We moved on to loco moco, which he also liked, and then to that funky egg, curry and kim chee dish, which he like, too.

One of the last dishes was a piece of ahi in a butter caper sauce. He thought it was pretty good but then said: "Wait!" and then reached over, skewered a small piece of Spam and then added a forkful of fish and ate them together. "Now, it's perfect," he said.

He then returned to his musubi and finished it and declared it his favorite. My wife overheard him say on camera that it was a revelation. He then reached over and took the remaining half of my Spam musubi and did a "what-have-we-learned-today" monologue.

So I don't think we have anything to worry about in regards to Spam.

But maybe Tony does. He told me that after Hawaii they will be visiting Laos, home to a lot of ...

Tony, meet Bong Bong.

Dining with Tony

So I was doing the Dilbert thing in my downtown cubicle, when my co-worker, Ilan, e-mailed the link to Erika Engle's column in the Honolulu Star-Bulletin last Thursday. Anthony Bourdain is in town, eating his way through Honolulu for his show No Reservations. Great! Then I read the comment from the PR guy about how they were going to steer the infamous, shoot-from-the lip Bourdain to more "positive things." Yikes! Hasn't he ever watched the show? Doesn't he know that you don't steer Bourdain?

I wrote back to Ilan: "I hope Bourdain goes out and finds what he finds, and he skewers whomever deserves to be skewered."

Ilan and I are big fans. We talk about the show all the time outside our cubicles, usually after lunch. My personal favorite is the show Bourdain did on Tahiti. I was struck by the sensitivity and respect he had for the islands. I've done a little travel writing and reading over the years and far too often you come upon a story by someone who visits a faraway, exotic locale and thinks that they somehow discovered it themself. And then they get all offended when they find Western influence and development, as if it has spoiled their little vision of paradise.

Bourdain's show on Tahiti was literally a world away from most of the shows on his Travel Channel. That last passage that he wrote about Gauguin is so mindful of the dreaminess that is the South Pacific, and it knew exactly where the dangerous, unpleasant artist and the gruff, outspoken chef stood in relation to it. Wouldn't it be great if he did the same thing about Hawaii?

Anyway, about 15 minutes after e-mailing Ilan, I got a call from a PR guy: "Anthony Bourdain is in town and he wants to do a segment on Spam, and we thought that you'd be a good guide for him? Are you free?"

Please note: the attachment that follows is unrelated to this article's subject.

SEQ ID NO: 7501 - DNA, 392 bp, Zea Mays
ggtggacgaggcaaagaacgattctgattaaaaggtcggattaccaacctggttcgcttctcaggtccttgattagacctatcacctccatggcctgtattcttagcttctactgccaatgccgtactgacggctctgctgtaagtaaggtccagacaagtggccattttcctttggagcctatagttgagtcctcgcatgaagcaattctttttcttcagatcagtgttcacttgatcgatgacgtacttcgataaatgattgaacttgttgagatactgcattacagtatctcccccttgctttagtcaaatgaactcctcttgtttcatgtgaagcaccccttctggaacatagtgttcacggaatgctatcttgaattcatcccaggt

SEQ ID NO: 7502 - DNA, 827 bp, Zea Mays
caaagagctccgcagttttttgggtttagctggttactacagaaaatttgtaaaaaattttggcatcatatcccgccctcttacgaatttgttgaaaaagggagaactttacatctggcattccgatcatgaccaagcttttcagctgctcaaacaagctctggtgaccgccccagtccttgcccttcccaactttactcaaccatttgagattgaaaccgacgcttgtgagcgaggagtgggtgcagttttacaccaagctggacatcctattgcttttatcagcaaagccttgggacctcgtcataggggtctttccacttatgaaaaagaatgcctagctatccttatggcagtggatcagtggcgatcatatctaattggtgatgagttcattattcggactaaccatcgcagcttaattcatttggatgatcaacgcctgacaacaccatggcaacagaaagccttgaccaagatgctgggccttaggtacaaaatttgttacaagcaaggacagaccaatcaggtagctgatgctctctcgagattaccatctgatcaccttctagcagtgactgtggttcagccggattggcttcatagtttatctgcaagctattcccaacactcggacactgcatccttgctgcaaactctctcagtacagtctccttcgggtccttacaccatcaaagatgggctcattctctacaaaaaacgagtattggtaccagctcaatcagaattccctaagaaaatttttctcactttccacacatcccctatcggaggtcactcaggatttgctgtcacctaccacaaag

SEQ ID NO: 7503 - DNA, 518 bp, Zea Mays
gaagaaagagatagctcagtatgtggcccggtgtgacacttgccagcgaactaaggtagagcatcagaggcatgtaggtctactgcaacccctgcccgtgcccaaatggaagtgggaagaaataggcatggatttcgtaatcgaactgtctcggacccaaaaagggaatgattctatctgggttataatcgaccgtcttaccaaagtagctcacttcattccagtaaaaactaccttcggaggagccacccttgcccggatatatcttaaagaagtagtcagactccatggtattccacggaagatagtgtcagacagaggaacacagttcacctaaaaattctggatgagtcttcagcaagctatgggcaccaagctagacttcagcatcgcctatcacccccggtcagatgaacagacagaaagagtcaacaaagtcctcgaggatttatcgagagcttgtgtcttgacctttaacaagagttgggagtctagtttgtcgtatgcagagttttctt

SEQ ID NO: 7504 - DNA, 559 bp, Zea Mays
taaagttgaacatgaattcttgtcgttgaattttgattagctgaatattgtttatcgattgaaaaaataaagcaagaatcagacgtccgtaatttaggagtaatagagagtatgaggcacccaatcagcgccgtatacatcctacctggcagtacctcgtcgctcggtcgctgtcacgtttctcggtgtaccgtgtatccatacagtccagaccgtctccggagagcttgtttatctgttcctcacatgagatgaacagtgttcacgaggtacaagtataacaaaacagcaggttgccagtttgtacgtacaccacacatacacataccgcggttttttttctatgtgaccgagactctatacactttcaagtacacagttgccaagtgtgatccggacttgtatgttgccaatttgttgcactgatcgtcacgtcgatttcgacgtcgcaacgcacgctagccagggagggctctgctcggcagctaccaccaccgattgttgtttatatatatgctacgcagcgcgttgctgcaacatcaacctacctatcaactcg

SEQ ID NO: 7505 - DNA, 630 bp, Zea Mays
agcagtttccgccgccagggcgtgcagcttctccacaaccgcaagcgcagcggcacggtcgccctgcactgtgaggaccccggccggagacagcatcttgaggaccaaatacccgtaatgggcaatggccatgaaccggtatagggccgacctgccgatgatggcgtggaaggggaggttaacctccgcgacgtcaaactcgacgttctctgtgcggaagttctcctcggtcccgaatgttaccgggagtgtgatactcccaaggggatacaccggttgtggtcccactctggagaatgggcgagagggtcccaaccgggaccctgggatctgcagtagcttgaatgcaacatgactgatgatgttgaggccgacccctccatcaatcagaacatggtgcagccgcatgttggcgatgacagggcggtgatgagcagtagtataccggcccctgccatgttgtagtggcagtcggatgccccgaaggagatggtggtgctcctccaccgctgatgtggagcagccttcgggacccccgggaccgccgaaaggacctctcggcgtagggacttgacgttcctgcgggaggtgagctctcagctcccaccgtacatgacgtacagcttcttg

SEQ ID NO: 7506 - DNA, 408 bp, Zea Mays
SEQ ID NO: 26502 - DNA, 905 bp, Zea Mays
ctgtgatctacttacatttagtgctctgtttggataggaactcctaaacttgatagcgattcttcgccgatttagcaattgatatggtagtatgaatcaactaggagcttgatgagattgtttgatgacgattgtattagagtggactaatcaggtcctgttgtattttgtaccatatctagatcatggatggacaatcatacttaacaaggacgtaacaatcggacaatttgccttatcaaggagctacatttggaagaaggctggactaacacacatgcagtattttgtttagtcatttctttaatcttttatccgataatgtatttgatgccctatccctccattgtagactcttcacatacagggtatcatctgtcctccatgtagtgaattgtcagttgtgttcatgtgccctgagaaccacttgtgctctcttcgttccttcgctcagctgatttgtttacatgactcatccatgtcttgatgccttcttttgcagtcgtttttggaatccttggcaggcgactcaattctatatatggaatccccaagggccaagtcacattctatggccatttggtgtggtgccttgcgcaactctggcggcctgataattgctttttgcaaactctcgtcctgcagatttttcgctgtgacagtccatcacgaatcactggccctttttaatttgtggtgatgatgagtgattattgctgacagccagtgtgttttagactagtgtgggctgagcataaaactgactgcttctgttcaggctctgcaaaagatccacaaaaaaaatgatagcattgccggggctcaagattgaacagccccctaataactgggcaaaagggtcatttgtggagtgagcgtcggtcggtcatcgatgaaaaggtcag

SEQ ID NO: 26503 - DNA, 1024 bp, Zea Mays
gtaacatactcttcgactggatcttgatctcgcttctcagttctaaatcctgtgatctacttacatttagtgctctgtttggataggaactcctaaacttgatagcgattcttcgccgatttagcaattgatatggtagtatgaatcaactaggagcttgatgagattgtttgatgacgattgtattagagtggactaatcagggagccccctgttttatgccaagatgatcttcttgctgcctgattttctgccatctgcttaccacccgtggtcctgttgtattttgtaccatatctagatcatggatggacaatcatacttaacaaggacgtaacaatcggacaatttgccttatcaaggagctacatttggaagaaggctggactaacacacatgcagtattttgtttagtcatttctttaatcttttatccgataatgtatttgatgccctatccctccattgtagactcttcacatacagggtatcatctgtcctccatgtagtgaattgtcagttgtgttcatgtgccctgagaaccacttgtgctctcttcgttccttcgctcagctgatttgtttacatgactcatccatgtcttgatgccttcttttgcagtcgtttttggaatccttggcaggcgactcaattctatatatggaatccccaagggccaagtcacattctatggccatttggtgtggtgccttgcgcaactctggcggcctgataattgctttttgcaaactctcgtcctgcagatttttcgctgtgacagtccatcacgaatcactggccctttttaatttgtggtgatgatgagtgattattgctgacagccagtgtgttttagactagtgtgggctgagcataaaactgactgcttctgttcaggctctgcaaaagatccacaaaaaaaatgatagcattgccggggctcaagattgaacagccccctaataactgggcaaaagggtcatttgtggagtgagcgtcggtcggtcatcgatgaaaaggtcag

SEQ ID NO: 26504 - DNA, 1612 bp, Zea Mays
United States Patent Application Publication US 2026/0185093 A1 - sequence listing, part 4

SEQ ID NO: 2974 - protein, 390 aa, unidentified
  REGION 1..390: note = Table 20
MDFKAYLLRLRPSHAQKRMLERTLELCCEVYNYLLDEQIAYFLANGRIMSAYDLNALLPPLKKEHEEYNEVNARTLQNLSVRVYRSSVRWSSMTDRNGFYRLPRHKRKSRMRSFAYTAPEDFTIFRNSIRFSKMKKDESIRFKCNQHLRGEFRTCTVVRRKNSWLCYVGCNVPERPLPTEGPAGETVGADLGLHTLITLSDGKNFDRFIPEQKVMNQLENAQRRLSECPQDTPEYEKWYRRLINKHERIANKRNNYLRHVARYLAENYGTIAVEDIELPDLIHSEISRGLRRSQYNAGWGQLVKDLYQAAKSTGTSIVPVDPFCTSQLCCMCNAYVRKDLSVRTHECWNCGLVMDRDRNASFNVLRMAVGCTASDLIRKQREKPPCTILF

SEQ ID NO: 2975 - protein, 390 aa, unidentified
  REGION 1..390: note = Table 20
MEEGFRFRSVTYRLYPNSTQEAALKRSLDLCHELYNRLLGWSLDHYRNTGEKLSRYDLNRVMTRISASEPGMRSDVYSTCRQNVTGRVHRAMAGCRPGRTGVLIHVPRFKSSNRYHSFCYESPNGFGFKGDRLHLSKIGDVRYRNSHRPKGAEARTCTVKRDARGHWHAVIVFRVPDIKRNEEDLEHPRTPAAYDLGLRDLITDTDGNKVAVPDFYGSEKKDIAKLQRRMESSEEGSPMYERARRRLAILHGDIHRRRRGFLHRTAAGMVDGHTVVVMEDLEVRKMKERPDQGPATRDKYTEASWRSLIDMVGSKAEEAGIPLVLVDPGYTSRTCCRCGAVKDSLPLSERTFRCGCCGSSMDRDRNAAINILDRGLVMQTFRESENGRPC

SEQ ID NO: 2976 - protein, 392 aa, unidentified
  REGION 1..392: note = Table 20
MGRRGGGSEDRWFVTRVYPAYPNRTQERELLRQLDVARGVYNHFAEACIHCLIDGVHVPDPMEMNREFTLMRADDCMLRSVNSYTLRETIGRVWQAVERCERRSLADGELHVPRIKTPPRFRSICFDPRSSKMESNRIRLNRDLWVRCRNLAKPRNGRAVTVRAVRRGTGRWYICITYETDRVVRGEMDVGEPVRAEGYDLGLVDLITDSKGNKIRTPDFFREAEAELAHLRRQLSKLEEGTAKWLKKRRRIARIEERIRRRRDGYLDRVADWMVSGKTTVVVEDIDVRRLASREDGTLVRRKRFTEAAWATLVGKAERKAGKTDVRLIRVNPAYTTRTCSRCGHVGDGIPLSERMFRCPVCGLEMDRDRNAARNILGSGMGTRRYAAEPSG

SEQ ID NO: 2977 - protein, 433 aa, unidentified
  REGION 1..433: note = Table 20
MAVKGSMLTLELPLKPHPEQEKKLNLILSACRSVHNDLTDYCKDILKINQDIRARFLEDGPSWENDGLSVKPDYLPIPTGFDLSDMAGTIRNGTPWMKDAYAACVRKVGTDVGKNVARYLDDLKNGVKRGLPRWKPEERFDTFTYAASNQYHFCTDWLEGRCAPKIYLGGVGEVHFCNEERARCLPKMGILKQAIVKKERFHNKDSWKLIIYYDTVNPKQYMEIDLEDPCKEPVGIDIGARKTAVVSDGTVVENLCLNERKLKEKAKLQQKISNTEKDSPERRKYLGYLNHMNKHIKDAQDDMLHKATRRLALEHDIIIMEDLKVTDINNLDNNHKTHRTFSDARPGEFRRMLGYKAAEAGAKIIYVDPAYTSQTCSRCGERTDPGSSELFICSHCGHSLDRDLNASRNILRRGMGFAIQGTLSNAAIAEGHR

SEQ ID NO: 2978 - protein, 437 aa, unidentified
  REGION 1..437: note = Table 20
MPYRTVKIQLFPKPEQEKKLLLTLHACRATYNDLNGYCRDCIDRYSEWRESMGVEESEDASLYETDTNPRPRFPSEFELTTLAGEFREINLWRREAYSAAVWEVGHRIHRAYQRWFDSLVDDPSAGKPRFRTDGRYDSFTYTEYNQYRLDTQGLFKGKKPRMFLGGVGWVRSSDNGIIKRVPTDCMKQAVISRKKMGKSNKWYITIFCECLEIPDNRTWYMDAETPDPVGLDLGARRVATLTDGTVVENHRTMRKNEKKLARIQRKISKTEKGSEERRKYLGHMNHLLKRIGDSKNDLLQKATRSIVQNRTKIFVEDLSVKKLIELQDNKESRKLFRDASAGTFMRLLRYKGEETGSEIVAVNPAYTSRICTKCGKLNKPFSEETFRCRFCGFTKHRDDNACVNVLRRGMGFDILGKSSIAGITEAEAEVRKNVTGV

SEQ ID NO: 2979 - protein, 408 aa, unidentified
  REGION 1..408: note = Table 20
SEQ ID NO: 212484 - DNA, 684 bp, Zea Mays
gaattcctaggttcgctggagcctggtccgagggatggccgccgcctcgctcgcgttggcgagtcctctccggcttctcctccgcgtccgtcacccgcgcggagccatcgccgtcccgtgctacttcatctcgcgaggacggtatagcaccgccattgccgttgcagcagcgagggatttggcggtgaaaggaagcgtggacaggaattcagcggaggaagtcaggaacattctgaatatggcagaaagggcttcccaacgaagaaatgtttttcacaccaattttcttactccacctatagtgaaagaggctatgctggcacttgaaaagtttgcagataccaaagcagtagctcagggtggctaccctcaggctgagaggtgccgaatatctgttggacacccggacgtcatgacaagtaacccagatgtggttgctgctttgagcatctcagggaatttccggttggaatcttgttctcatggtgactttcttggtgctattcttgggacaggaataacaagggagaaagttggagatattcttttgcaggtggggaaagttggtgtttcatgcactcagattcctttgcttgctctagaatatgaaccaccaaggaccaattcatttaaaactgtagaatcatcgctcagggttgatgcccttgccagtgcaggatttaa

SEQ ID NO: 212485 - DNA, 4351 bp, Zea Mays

"Does Andrew Zimmer shit bug parts?"

When he said Spam, I thought that Bourdain's Hawaii show might be more like the "rotten-fish-in-lye" Iceland show than the idylic Tahiti one. But they wanted Spam, so Spam it was. The next morning the show's producer, Emily, called and asked me for some ideas. They vetoed the HVCB's idea about going to Zippy's and thought about visiting Rainbow's Drive-In. But Rainbow's doesn't sell Spam musubi. I told her about the New Uptown Fountain, a small diner on School Street that originally opened in 1950 and little has change since. They have plenty of Spam dishes and plenty of Hawaii. She liked the idea.

We met Tony Bourdain and his production crew for lunch at the New Uptown Fountain last Saturday. Here are a few pictures that my wife took:

Tony has just arrived. That's Emily, the producer, in the foreground. He's very gracious and professional. At first, I thought he was almost kind of nerdy, but when the cameras started rolling he got right into his bad boy persona.

As soon as he steps in the place, we overhear him say, "Cool, this place is perfect." That's the director who Tony's talking to.

The menu at the New Uptown Fountain is posted above the counter. Here I'm going over what we might be eating.

Action! Here we go...I'm not aware that shooting has started. Tony walks in...

... and he sits down. "Welcome to Kalihi," I say. And we're off.

You can see the entire production crew in this shot — two camera men, the one to the left also doubled as sound; the director is in the middle looking at the other camera man's screen. The producer is standing nearby.

Tony's asking me a question about Spam. It went something like this: Tony: "I don't get it. I went to this big party and met all these fancy chefs and all they wanted to talk about was Spam. What gives?" Dave: "Well, as you probably know, Spam was a wartime food and for much of WWII, Hawaii was in a war zone, so we ate what the sailors and soldiers ate." Tony: "But Dave, come on now, the war is over!"

He was cracking jokes throughout the meal. The director was chuckling during the entire shoot. Tony: "I think one of those umbrella drinks would go really good with this dish." Dave: "I don't think you're going to be able to find an umbrella drink within a five-mile radius of this place." Tony: "I'm going to have to bring a Thermos with me then. I used to have a Hawaii Five-O lunchbox when I was a kid. Remember that?" Dave (trying to think of witty response) : "No."

They've just delivered something I didn't order, a house specialty that was totally crazy but made for good TV. It featured a Spam omlete on two scoops of rice with curry poured all over it and a kim chee garnish. The production guys were excited because the thing was so colorful that it looked radioactive. Dave: "Tony, this is uncharted territory for me, but kim chee makes anything good." Tony: "Kim chee is always good."